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Summary:

Mission impossible? Getting Microsoft, famous for infighting, to behave like a grownup and get things done is the goal behind latest reorg.

Microsoft CEO Steve Ballmer

The long rumored Microsoft restructuring is here and, frankly, it’s both bigger and less flashy than I expected, because most of this stuff has leaked already (thanks, AllThingsD). The goal is to get Microsoft thinking and acting like a single company — a mighty tall order for an organization famous for infighting.

Here are the the public statement and memo to employees. The main takeaway is that the company is organizing around functions, which include:

Engineering (including supply chain and datacenters), Marketing, Business Development and Evangelism, Advanced Strategy and Research, Finance, HR, Legal, and COO (including field, support, commercial operations and IT).

Engineering is broken out into four buckets: operating systems, application, cloud and devices.

Here are the big changes:

  • Terry Myerson, formerly the mobile guy, now owns ALL operating systems across console, mobile devices, PCs and back-end systems, and also core cloud services.
  • Julie Larson-Green, former VP of Windows, will head up hardware development and supply chain and Microsoft Studio aka Xbox — all the entertainment services.
  • Eric Rudder, who was CTO, has advanced strategy and research, trustworthy computing and Microsoft Research. Rick Rashid who ran MSR for CTO Craig Mundie (who is retiring), is now in Myerson’s OS group.
  • Qi Lu, who ran search, now is Mr. Office, heading up applications and services engineering. That’s a bit of a shocker. Former Office head Kurt Delbene has retired.
  • Tony Bates, who ran Skype, now has business development and evangelism, and could be viewed as Ballmer’s new right-hand guy, according to one Microsoft insider.
  • Amy Hood, who was just named CFO, stays in place but now runs a centralized finance organization. Before this, each of the business units had their own financial structures.

Many roles, despite all the hoopla, seem largely unchanged to me, but correct me if I’m wrong.

  • Satya Nadella continues to run cloud and enterprise engineering; Tami Reller consolidates her hold on a centralized marketing group assisted by former Clinton hand Mark PennKevin Turner remains COO; Lisa Brummel continues to head up human resources; Brad Smith retains legal.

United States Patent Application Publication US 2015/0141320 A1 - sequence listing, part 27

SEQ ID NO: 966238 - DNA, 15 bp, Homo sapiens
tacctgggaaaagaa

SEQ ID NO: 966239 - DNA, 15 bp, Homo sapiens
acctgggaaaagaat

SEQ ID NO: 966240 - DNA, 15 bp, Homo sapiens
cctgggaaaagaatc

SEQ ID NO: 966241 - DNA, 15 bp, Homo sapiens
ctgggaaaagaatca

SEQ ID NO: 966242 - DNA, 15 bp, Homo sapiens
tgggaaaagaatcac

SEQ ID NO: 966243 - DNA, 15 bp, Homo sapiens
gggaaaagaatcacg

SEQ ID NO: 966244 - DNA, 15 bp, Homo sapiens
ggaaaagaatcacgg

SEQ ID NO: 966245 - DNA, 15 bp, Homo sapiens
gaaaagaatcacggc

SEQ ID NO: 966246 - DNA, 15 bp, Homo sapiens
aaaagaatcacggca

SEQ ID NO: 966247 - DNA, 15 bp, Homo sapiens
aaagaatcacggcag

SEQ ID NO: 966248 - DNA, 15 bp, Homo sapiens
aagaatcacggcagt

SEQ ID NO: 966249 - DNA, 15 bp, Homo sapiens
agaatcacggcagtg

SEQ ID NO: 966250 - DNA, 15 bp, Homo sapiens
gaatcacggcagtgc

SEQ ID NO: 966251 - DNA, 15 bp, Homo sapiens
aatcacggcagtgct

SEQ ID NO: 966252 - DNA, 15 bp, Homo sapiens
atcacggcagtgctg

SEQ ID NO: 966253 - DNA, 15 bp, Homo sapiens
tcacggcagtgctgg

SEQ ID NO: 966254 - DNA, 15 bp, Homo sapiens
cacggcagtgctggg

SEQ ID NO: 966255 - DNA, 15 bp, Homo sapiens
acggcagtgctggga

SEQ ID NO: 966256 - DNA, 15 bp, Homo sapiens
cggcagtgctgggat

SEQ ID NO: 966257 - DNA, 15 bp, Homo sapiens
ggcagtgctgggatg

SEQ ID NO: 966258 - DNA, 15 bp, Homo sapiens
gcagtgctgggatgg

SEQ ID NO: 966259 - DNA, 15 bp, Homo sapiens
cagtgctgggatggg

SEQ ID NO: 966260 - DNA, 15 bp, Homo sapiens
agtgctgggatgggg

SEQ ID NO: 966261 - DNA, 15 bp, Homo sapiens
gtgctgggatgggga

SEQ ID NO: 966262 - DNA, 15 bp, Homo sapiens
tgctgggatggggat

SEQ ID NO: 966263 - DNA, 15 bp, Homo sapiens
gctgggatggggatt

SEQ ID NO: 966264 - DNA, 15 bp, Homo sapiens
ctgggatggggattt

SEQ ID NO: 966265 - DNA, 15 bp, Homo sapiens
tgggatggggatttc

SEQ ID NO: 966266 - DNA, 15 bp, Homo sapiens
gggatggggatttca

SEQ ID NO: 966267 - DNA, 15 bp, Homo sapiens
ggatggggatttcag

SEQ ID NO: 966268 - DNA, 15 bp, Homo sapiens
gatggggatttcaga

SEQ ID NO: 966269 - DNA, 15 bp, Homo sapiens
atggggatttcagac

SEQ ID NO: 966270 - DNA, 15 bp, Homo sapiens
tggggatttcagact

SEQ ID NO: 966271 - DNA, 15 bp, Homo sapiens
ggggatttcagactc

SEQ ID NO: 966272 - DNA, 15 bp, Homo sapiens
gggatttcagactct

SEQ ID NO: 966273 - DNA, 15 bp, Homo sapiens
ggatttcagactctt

• Microsoft Dynamics — the business applications — will remain on its own and stay under Kirill Tatarinov as “it continues to need special focus and represents significant opportunity.”

I’m guessing these changes, while substantive, and which clearly take a swipe at erasing boundaries within the company, won’t put much of a dent into criticism of Microsoft’s tippy-top management (read “Steve Ballmer”).

But it is crucial that the changes take direct aim at a long-running Microsoft problem: Fierce political infighting (see org chart diagram below.) When I covered the company day to day, the best way to get dirt on Office was to ask the Windows guys and vice versa. Clearly, after decades of that, and faced with huge and capable (and well funded) competition — Google, Apple, Amazon et al., Microsoft can’t afford to let that behavior stand.

  1. You know the key term is ‘breakdown.’ I hate to say it but Microsoft’s time has come and gone and they are a second tier bloated corp at best that no longer has what it takes to innovate and bring products to market in a timely manner!

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  2. So, after all that, Microsoft came to the conclusion that it wasn’t that their products were boring, poorly thought-out crap, it was that their managers had the wrong titles!

    By their way of thinking: Customer walks into store to buy smartphone, and thinks to him/herself “Wow, the iPhone and Android phone are well designed, have lots of good software, and are easy and intuitive to use; BUT, Windows Phone 8 – look at the corporate those synergies! I bet they have a VP of business development and evangelism, I better go with them!”

    God help us from MBAnuses.

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  3. If Ballmer intends to change executive behavior, then he’ll need to also establish the rewards that are in line with these new goals. I’d guess that Microsoft was known as “an organization famous for infighting” because that’s likely where the prior incentives were focused.

    My point: the people that were allowed to pursue their own personal vested interests aren’t rebels — they’re merely reacting to the cultural norm that’s encouraged by their leader.

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  4. The Microsoft memo is a good illustration of what that company and its technological cousins have given the world: Erasable, cheap, pretentious, ill-considered, cut-n’pasted, hollow, shallow, forgettable, irresponsible communication. Did Balmer actually write that thing? Does he actually know what it all means, and does he believe all he has penned? Or does the memo just look like its got substance, like all the worthless, empty and misleading emails, word docs, and spreadsheets that Microsoft has enabled over the years?

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  5. Microsoft, here’s what Apple actually does (and I wonder if you actually get this since you’re trying to copy Apple):
    – recognize a product or service you see needs improving (Apple saw this in music players, phones, etc.);
    – come up with a product or service that solves those problems in a simple, easy-to-use, intuitive way;
    – have everybody in the company work together to implement that solution, putting aside anyone who gets in the way;
    – do this all in secret until the moment you’re ready to launch, then market the hell out of your solution.

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